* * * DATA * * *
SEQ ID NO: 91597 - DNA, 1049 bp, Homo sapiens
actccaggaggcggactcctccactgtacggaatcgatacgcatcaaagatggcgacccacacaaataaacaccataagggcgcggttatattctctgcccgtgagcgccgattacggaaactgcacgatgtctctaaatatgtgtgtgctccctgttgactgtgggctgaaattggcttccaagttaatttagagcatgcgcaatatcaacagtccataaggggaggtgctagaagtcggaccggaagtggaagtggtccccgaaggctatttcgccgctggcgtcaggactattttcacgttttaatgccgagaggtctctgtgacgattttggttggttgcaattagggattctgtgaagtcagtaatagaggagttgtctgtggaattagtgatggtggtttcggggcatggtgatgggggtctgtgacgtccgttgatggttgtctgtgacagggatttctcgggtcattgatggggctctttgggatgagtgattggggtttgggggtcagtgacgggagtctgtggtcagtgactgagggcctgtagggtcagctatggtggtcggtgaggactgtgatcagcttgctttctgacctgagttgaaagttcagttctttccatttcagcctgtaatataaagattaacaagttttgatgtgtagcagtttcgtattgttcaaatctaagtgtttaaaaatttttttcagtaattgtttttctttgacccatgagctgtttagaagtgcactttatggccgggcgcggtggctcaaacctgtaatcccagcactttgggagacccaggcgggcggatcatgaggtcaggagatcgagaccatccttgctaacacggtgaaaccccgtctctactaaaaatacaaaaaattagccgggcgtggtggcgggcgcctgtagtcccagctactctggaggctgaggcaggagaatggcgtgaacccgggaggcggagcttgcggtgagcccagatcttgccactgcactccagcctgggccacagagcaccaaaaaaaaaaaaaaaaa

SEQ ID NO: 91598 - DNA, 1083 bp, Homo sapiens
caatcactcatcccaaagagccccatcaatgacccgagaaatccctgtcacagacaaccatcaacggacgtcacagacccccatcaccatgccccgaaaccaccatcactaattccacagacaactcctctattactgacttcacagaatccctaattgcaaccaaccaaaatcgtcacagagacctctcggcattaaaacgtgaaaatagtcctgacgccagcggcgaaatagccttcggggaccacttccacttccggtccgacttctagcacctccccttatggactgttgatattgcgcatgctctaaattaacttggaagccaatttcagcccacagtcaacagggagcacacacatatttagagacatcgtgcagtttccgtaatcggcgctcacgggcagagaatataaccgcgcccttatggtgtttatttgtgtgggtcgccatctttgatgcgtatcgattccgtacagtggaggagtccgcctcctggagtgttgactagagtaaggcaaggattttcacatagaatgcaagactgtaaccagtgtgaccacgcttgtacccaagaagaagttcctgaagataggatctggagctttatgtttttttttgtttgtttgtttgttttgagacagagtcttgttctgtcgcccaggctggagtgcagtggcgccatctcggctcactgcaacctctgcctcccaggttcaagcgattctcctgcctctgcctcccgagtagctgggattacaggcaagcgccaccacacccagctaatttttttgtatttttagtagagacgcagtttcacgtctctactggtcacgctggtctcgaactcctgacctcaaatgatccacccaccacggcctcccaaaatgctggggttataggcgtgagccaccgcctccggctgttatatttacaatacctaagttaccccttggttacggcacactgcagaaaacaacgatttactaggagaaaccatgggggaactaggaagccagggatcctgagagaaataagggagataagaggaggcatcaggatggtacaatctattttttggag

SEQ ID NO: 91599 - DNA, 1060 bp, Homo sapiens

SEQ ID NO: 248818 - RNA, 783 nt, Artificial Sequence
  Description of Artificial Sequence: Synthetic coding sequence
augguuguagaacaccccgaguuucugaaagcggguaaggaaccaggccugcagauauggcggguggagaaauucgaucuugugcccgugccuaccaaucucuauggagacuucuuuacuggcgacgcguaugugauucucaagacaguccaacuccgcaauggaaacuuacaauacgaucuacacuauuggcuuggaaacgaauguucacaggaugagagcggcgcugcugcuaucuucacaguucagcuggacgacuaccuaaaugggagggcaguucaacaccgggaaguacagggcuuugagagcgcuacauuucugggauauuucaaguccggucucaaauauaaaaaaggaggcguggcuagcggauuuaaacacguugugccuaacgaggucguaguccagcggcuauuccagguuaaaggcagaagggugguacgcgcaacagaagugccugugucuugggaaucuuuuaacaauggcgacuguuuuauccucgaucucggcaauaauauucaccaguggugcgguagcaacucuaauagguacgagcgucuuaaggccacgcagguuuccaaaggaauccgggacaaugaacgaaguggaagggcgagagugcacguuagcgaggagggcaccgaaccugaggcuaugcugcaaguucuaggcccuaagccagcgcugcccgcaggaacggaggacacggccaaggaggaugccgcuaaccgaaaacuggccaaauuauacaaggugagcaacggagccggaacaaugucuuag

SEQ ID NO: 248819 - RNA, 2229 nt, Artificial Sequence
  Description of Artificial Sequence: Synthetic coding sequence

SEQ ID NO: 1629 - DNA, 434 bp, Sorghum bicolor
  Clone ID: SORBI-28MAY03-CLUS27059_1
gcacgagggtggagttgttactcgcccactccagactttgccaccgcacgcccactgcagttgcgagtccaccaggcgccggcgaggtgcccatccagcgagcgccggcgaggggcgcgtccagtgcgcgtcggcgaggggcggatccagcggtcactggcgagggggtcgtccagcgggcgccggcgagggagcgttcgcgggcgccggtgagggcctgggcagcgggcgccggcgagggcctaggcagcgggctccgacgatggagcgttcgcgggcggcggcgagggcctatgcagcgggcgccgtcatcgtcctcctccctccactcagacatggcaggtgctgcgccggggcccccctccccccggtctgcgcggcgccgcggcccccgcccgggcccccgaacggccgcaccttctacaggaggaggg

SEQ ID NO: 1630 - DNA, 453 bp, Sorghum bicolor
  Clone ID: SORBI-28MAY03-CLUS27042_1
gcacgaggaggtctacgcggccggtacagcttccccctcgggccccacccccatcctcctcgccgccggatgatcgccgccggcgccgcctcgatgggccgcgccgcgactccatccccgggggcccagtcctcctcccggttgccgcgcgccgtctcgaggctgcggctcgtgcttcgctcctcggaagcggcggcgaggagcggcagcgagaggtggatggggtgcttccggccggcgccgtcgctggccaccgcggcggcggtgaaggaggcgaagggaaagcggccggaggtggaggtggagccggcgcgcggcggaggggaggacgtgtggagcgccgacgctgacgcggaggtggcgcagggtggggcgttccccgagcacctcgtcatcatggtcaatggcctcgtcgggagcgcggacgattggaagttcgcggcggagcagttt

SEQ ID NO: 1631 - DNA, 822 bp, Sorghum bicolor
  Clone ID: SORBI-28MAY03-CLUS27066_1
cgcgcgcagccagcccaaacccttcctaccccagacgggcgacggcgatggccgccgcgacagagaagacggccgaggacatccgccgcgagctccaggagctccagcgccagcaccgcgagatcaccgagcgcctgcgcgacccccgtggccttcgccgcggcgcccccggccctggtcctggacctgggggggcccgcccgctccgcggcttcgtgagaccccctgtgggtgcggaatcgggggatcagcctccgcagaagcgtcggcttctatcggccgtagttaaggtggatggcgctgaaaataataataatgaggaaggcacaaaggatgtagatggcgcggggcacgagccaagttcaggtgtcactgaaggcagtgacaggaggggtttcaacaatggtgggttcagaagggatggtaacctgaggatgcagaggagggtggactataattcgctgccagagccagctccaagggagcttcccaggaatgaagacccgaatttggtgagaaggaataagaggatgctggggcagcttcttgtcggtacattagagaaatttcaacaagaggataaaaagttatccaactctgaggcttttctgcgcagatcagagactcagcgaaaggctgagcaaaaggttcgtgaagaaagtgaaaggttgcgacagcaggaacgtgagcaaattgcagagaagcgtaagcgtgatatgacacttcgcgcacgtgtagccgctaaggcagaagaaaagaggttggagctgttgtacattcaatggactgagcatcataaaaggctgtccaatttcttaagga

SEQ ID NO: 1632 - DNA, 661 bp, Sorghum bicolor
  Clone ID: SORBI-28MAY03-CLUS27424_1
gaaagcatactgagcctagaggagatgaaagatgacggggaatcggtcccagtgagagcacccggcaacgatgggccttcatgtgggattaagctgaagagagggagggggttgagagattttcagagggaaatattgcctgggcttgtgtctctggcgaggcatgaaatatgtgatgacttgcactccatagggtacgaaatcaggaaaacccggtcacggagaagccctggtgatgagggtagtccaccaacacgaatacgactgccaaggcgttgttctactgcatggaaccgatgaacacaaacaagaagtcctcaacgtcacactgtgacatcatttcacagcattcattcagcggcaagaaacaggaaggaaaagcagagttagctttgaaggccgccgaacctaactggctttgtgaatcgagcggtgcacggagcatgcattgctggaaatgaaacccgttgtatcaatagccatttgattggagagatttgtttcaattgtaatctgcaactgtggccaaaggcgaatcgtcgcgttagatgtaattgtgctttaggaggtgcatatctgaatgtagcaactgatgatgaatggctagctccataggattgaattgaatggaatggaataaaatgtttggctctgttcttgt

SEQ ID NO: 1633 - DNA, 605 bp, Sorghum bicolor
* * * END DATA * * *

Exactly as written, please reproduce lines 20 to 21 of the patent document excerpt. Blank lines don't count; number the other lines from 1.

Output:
SEQ ID NO: 1632 - DNA, 661 bp, Sorghum bicolor
  Clone ID: SORBI-28MAY03-CLUS27424_1